Over time he helped me unpack that and unravel it all. Amazing. He knew the reaction I would had and he chose the perfect moment. Any sooner and he may have got a response but it would not have been wholehearted and any later it would have been too late … I would have perhaps been unresponsive or in oblivion due to the path of self destruction that I was on.
God’s knowledge is not skewed like human knowledge. He judges with perfect wisdom and perfect precision. (Psalm 139:1-4).
Verse 23 is not referring to the judgment of the last days, but is more about the general accountability toward God that man experiences on a daily basis. The point Elihu made was that God did not need to go through all of the routine of examination and cross examination of the court to get to the sentence. God knows our works (34:25).
Even though this was not spoken directly to Job, it was a derogatory statement made about Job. He was saying that Job was wrong in asking God to consider his situation.
Job had been hugely influential. He had in fact, most likely been a judge. Elihu and Job’s so-called friends, probably would like to take Job’s place as judge. They were all jealous of Job. Elihu said that God had destroyed Job to set one of them up as governor.
He had made a true statement that God rules the earth by elevating one man to be a ruler and tearing another down.
However, he was misunderstanding the situation of Job’s case.
In Job’s culture, a judge would select a day when he would act as judge. Everyone who needed the judge’s help would wait for that day. On the appointed day, they could go to his court. The judge would then preside over the issues that were presented before him and make decisions.
Job knew that God was a judge. But Job thought that God’s servants were waiting in vain (Job 24:1). Job thought that God may never select a day to act as judge. He was impatient in this respect.
Elihu did not agree. He explained that God is much better than any human judge. God is always acting to help us. He does not need to select a date. He does not even need to ask questions. He already knows our deeds and he will judge when he is ready, choosing exactly the right moment.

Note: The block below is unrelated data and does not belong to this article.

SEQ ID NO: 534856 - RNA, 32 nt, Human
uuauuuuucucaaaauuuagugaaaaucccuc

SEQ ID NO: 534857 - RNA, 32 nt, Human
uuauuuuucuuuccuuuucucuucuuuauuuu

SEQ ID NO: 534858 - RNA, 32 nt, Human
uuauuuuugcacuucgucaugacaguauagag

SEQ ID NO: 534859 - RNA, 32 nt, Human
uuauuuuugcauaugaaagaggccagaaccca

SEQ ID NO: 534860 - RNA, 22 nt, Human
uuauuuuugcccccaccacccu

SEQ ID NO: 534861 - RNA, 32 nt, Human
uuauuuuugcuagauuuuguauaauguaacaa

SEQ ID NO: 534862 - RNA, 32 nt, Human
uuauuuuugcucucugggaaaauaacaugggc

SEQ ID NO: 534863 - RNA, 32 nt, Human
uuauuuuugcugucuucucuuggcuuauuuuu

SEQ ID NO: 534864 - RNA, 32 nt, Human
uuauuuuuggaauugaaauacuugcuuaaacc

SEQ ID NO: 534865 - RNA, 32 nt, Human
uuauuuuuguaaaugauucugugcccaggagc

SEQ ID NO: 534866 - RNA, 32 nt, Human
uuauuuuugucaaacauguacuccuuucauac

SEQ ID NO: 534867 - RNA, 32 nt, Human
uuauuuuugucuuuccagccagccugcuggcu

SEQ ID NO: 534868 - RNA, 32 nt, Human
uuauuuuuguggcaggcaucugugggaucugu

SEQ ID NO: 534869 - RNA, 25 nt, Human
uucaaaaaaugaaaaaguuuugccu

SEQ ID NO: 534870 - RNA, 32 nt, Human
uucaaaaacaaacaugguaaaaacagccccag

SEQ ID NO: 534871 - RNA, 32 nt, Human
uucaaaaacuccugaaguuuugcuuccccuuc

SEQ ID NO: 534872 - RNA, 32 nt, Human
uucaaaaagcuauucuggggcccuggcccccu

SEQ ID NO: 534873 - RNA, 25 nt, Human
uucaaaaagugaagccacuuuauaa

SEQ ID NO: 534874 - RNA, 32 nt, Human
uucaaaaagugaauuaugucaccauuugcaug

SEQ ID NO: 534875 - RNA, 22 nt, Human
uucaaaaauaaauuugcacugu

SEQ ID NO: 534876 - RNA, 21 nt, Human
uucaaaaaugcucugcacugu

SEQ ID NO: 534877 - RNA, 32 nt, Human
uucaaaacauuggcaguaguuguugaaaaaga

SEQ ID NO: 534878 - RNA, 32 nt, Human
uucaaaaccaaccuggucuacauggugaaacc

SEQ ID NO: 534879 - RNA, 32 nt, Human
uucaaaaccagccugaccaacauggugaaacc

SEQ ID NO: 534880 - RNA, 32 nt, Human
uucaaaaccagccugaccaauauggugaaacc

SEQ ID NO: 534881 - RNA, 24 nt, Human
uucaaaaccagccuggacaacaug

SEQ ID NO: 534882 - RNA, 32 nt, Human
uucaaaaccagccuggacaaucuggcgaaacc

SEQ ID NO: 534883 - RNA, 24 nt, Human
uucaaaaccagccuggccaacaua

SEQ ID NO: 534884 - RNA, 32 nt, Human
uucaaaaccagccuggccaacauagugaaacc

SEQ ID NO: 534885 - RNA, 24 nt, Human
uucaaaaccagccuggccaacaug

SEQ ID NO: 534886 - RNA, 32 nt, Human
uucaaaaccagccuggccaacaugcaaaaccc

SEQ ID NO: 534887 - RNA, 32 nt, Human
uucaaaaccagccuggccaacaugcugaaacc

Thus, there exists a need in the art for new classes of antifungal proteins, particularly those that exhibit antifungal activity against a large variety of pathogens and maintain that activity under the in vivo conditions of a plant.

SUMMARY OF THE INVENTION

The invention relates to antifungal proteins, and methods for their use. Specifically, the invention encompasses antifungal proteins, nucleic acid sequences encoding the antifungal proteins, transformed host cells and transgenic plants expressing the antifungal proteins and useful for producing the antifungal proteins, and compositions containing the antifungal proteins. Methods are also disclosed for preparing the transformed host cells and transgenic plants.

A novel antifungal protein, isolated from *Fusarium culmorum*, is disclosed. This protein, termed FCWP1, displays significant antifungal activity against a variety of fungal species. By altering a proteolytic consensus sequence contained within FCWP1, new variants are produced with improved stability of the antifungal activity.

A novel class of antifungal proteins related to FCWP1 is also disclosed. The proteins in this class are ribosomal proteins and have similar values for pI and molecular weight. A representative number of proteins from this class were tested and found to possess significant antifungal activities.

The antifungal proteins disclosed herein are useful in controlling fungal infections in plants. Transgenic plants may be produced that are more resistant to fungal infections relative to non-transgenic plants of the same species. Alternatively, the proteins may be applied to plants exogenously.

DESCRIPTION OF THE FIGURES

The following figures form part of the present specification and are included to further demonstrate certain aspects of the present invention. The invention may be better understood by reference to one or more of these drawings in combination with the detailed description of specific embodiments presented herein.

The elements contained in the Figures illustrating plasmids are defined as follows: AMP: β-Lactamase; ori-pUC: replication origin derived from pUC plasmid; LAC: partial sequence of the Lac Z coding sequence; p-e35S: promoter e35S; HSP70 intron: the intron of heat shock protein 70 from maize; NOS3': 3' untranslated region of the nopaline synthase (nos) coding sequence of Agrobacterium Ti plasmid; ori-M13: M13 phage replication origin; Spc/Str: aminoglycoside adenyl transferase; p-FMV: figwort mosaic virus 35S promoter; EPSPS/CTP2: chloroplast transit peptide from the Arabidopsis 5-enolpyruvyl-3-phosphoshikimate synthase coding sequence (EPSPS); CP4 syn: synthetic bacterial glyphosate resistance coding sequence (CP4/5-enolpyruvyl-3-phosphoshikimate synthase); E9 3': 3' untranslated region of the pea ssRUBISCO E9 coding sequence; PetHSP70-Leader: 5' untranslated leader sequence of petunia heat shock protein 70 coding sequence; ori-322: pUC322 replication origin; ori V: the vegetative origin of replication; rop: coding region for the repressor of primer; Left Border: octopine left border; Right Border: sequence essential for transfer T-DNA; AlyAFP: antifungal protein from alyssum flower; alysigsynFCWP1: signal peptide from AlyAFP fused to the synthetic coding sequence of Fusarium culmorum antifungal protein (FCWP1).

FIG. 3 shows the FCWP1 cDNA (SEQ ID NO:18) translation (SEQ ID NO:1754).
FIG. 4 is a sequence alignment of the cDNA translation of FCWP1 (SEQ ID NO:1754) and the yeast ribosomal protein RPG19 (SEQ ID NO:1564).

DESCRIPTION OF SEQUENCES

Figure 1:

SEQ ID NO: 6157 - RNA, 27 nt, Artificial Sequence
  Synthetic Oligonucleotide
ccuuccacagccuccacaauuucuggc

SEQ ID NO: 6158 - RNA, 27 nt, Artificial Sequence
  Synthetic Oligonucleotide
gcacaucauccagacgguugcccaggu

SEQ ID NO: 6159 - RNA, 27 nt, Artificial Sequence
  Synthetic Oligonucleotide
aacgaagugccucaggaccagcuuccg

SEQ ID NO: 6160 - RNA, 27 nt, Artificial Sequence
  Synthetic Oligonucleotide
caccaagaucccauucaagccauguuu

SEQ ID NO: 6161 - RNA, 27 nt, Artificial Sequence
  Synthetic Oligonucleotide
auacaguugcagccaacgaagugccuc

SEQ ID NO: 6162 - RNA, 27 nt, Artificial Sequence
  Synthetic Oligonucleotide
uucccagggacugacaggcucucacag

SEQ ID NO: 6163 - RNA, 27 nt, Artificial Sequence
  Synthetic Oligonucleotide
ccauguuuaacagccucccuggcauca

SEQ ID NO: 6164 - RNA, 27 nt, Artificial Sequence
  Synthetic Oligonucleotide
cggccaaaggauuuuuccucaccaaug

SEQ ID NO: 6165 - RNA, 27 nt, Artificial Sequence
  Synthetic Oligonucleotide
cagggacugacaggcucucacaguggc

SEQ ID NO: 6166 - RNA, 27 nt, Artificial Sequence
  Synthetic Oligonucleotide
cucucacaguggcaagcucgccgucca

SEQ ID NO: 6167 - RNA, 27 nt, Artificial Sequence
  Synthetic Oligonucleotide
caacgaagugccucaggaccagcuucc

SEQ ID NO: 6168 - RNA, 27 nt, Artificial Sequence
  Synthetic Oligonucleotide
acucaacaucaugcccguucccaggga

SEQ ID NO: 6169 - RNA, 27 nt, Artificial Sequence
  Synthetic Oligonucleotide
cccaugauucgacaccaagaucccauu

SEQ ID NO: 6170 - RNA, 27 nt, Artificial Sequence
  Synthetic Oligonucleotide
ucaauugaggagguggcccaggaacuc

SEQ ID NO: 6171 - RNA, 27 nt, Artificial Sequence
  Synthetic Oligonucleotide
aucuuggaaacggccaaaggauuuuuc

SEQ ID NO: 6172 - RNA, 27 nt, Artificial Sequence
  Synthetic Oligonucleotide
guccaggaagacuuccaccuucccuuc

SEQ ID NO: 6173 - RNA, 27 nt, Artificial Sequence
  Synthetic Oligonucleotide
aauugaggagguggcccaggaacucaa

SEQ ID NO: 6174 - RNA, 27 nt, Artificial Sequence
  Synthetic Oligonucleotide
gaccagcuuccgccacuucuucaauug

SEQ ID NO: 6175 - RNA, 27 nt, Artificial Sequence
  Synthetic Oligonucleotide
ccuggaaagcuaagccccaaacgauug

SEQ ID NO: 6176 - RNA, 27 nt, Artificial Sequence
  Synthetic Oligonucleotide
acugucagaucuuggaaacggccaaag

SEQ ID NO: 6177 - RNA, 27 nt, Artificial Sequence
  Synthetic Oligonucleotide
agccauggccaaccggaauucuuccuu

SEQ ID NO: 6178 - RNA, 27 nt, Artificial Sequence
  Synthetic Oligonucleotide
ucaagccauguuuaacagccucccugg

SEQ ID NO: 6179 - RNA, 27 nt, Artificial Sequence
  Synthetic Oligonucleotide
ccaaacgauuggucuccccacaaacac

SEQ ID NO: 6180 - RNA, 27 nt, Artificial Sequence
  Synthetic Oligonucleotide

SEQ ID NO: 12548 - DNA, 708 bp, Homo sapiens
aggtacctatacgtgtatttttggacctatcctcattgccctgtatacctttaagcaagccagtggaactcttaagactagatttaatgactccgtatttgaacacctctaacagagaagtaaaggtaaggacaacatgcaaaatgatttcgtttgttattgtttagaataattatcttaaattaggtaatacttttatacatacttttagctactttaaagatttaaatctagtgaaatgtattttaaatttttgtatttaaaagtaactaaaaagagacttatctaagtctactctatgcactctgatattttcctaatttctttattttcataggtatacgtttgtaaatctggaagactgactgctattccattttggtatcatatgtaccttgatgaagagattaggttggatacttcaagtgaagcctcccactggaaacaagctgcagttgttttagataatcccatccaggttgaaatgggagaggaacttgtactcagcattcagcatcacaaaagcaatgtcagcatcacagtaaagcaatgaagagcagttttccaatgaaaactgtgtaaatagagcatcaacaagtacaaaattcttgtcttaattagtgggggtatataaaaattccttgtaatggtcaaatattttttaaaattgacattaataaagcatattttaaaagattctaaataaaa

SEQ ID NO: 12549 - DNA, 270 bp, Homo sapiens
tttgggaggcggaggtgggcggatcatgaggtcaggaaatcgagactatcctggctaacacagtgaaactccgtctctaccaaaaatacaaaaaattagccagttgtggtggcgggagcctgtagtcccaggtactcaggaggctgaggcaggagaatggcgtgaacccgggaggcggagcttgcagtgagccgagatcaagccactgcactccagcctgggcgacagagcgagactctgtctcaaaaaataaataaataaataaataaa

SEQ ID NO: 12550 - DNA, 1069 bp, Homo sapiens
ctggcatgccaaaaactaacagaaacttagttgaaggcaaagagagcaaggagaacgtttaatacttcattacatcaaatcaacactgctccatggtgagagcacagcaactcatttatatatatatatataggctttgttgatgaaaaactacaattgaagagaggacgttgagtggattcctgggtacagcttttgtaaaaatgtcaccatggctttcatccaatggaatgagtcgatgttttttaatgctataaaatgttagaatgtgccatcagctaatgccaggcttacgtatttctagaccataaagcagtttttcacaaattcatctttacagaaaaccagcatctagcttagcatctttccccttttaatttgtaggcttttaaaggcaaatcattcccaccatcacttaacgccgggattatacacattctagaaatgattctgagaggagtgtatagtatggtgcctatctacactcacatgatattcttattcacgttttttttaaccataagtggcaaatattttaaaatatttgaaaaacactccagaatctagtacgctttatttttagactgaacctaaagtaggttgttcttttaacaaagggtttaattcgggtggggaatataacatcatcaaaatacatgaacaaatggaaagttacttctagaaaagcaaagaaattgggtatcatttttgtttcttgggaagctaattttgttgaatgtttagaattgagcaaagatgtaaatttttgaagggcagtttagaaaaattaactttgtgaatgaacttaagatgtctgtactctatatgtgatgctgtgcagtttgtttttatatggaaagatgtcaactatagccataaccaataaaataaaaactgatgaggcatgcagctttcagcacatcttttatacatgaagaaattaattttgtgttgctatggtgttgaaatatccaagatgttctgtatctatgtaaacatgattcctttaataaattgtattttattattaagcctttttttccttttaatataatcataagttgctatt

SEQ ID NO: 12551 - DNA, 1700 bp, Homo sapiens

Job spoke about poor people who cried to God. Job thought that God would not help them (Job 24:10-12).
Elihu did not agree. God heard their cries. And God will act to help them at the time when he decides. He will punish their cruel rulers. And he will appoint new rulers.
Elihu was saying that Job had offended the poor and the afflicted. This was the exact opposite of the truth. Job had been the champion of the poor and the afflicted.
But God does not always stop the rule of evil men immediately. Sometimes he allows evil men to rule nations. God uses it all in his ultimate purpose. We are called to pray in such situations (1 Timothy 2:1-2). Our calling is not to complain but to pray, trust God, be supportive of our rulers but ultimately obey God rather than men (Acts 4:19).
Most of the statements that Elihu was making, were the same statements Job had made himself. Job was not only aware that these things were wrong, but had made absolutely sure that he was not guilty of any of these things. Job was not a hypocrite
31 “Suppose someone says to God,
‘I am guilty but will offend no more.
32 Teach me what I cannot see;
if I have done wrong, I will not do so again.’
33 Should God then reward you on your terms,
when you refuse to repent?
You must decide, not I;
so tell me what you know.
The battle that Job and his friends had and the battle that we have is that we think we set the terms on issues of what can best be described as crime and punishment. The problem is that we barely know anything and have a very limited view first of all of the incident itself and more importantly of the heart of the person committing the crime and the heart of the victim, we also fail to see the consequential damage and ripple effect through all of humanity and our environment.